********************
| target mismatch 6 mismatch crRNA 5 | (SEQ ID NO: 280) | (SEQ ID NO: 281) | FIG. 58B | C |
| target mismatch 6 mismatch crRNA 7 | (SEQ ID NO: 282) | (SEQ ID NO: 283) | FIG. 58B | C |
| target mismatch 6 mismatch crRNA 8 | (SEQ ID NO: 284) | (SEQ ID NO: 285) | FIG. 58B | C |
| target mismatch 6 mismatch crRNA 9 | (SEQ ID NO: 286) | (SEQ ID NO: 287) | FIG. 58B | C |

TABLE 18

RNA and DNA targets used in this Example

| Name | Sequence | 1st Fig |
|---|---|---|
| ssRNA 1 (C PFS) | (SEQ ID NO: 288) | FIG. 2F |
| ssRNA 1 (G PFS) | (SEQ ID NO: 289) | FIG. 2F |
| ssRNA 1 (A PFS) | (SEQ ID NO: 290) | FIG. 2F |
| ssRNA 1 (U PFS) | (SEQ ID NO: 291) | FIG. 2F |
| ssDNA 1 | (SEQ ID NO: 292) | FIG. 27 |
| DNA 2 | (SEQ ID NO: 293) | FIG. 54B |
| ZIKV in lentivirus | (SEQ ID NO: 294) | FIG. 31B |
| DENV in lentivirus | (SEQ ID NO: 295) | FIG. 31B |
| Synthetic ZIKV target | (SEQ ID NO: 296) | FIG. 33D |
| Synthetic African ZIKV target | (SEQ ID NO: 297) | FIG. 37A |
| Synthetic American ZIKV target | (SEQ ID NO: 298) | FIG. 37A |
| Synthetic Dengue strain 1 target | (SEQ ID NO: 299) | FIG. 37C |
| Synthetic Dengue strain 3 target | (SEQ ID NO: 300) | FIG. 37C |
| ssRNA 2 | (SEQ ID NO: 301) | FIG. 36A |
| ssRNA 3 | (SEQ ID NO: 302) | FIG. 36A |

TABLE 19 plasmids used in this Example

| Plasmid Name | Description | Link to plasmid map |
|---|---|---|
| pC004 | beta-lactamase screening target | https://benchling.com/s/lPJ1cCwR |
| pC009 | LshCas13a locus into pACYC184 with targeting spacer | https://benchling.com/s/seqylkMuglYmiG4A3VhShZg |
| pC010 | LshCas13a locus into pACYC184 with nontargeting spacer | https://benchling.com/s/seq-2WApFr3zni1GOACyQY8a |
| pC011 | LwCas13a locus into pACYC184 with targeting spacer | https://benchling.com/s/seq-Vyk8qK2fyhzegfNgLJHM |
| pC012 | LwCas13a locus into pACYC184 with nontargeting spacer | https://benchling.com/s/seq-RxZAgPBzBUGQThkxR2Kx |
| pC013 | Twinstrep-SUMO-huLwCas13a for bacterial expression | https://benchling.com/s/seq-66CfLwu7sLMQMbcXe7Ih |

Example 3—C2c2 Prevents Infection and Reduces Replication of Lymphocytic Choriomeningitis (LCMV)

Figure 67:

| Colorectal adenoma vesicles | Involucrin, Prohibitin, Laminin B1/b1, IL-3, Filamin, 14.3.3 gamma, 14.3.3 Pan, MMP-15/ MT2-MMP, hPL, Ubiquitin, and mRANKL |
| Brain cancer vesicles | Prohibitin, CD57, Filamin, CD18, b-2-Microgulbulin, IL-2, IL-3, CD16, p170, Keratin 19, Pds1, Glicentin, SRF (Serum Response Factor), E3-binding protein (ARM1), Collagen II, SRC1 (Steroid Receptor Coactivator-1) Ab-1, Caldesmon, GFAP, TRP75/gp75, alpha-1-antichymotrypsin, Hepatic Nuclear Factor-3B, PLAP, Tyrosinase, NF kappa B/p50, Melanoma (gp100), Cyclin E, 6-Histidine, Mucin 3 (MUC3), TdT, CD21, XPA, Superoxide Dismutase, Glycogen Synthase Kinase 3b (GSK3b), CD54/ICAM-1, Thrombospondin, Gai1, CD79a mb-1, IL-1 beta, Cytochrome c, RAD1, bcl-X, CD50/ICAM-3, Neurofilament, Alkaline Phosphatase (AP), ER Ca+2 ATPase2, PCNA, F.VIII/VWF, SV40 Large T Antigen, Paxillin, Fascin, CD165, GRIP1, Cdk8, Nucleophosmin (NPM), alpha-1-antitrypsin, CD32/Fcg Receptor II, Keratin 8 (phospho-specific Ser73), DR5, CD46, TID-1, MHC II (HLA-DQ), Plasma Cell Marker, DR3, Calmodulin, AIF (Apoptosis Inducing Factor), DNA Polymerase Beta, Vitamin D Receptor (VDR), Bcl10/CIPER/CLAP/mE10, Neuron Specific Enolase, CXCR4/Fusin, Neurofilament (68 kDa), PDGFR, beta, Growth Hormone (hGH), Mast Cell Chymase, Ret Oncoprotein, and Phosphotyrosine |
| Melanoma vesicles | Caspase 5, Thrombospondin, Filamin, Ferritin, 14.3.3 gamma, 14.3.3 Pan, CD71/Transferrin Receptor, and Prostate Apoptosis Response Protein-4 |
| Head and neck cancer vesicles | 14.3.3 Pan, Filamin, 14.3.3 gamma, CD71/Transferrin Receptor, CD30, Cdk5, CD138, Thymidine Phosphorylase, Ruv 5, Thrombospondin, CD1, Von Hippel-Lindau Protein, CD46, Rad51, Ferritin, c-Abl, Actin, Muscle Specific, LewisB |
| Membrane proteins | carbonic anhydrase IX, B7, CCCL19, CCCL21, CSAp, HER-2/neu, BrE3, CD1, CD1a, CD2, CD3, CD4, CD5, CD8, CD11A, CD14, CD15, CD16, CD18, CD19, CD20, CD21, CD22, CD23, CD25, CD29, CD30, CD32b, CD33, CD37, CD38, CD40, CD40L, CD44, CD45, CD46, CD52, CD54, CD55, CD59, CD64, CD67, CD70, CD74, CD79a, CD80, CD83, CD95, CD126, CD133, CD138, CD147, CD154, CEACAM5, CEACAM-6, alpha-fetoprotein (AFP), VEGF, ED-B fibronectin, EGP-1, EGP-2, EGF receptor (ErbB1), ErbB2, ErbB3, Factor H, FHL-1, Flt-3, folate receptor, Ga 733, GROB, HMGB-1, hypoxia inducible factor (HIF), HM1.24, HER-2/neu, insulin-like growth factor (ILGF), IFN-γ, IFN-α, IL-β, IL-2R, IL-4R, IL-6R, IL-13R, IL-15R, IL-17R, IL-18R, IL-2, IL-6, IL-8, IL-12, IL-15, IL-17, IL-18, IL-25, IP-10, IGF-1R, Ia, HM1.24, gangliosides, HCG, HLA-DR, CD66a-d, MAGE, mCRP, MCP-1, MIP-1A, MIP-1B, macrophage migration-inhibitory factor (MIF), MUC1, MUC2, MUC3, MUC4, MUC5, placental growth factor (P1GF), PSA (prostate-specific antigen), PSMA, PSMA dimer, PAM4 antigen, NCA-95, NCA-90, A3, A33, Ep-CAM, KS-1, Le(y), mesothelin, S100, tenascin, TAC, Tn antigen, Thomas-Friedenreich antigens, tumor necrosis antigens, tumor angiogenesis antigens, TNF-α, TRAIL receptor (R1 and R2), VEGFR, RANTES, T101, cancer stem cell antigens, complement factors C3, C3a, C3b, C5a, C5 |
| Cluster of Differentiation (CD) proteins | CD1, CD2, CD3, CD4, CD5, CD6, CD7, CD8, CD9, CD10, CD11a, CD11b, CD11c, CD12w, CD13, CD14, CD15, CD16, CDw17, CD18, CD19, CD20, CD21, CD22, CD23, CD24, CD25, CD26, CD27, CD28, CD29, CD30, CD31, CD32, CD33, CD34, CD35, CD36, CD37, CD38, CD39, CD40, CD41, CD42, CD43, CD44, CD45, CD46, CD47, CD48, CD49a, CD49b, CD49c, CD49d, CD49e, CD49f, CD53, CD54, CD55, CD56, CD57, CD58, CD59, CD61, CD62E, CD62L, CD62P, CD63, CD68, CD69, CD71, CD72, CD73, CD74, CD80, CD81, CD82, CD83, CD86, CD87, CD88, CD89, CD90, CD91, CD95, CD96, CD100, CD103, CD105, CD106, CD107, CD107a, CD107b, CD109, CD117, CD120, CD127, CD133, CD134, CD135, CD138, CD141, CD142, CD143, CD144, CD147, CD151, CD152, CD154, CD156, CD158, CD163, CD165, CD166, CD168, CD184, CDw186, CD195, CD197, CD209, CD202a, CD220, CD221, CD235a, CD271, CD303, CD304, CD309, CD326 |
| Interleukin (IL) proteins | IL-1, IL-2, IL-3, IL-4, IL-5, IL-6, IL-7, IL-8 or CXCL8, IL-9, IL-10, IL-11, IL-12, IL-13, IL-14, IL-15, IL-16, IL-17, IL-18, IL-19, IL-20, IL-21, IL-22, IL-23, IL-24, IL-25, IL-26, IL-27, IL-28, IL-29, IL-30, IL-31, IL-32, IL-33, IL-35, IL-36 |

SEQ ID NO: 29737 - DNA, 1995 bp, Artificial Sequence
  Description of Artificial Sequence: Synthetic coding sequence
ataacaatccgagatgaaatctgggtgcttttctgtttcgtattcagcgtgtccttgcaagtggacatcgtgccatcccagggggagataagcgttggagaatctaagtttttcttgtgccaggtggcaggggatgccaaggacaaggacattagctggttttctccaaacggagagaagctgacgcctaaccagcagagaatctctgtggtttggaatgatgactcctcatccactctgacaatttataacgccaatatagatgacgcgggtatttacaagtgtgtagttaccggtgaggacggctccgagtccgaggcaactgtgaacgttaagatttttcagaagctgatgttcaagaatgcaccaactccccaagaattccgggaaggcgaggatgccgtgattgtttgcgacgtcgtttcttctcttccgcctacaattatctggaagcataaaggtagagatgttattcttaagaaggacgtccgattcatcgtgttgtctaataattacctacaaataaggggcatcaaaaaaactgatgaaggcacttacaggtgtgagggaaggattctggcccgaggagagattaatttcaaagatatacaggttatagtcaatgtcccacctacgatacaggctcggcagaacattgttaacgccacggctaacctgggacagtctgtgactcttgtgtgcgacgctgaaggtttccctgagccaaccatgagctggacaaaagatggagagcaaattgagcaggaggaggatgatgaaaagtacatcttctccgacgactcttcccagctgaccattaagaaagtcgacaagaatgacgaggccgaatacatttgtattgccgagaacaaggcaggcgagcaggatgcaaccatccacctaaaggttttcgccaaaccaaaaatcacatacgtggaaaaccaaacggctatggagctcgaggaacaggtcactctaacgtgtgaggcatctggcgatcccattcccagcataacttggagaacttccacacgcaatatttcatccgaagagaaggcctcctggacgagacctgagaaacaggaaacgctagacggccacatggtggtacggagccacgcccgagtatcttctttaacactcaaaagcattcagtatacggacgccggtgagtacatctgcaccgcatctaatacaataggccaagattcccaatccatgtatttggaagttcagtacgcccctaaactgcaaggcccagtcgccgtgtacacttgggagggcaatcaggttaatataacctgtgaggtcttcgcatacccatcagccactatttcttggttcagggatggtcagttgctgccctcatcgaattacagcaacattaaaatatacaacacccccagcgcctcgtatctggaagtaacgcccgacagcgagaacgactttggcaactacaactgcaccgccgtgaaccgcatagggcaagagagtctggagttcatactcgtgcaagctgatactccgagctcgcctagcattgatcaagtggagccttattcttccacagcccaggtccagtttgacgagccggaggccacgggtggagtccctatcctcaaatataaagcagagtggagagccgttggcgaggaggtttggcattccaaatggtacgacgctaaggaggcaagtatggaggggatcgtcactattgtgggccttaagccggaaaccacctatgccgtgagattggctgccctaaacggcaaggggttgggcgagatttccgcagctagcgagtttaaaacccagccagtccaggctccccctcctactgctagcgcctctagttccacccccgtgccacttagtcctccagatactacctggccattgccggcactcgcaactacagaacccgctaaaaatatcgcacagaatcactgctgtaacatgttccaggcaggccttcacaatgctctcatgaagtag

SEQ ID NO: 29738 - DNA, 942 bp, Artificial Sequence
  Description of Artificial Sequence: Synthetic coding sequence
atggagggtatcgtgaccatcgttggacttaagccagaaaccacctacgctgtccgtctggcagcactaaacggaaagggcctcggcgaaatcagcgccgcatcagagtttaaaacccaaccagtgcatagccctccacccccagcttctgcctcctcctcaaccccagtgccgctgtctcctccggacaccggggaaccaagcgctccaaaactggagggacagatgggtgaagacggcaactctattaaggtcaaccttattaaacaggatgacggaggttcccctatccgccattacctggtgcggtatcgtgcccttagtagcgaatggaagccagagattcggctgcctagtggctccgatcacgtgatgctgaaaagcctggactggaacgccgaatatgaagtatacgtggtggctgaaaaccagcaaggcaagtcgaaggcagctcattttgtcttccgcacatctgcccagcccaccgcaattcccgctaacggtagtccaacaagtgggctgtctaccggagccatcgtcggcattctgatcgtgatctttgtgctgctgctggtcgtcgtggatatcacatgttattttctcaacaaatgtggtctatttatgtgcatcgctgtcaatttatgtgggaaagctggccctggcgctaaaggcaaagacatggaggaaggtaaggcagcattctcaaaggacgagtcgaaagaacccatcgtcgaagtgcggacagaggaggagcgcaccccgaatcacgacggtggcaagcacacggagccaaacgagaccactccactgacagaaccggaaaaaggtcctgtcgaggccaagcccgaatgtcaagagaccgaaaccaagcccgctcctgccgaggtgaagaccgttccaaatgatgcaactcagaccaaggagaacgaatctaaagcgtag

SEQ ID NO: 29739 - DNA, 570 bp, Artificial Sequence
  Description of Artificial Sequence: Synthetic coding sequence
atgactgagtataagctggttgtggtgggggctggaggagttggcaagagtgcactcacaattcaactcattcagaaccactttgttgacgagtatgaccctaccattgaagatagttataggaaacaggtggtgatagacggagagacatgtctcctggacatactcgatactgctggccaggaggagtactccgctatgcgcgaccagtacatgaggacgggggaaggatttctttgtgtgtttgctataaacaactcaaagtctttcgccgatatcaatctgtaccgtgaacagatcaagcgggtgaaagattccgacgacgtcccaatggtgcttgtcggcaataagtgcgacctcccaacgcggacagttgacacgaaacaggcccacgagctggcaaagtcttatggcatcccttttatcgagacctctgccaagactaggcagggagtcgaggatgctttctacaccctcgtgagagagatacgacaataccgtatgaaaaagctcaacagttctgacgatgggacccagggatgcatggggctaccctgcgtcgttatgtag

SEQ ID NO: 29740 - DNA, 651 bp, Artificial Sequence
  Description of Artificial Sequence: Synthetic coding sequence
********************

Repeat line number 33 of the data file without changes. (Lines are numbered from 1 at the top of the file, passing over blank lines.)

Example 3—C2c2 Prevents Infection and Reduces Replication of Lymphocytic Choriomeningitis (LCMV)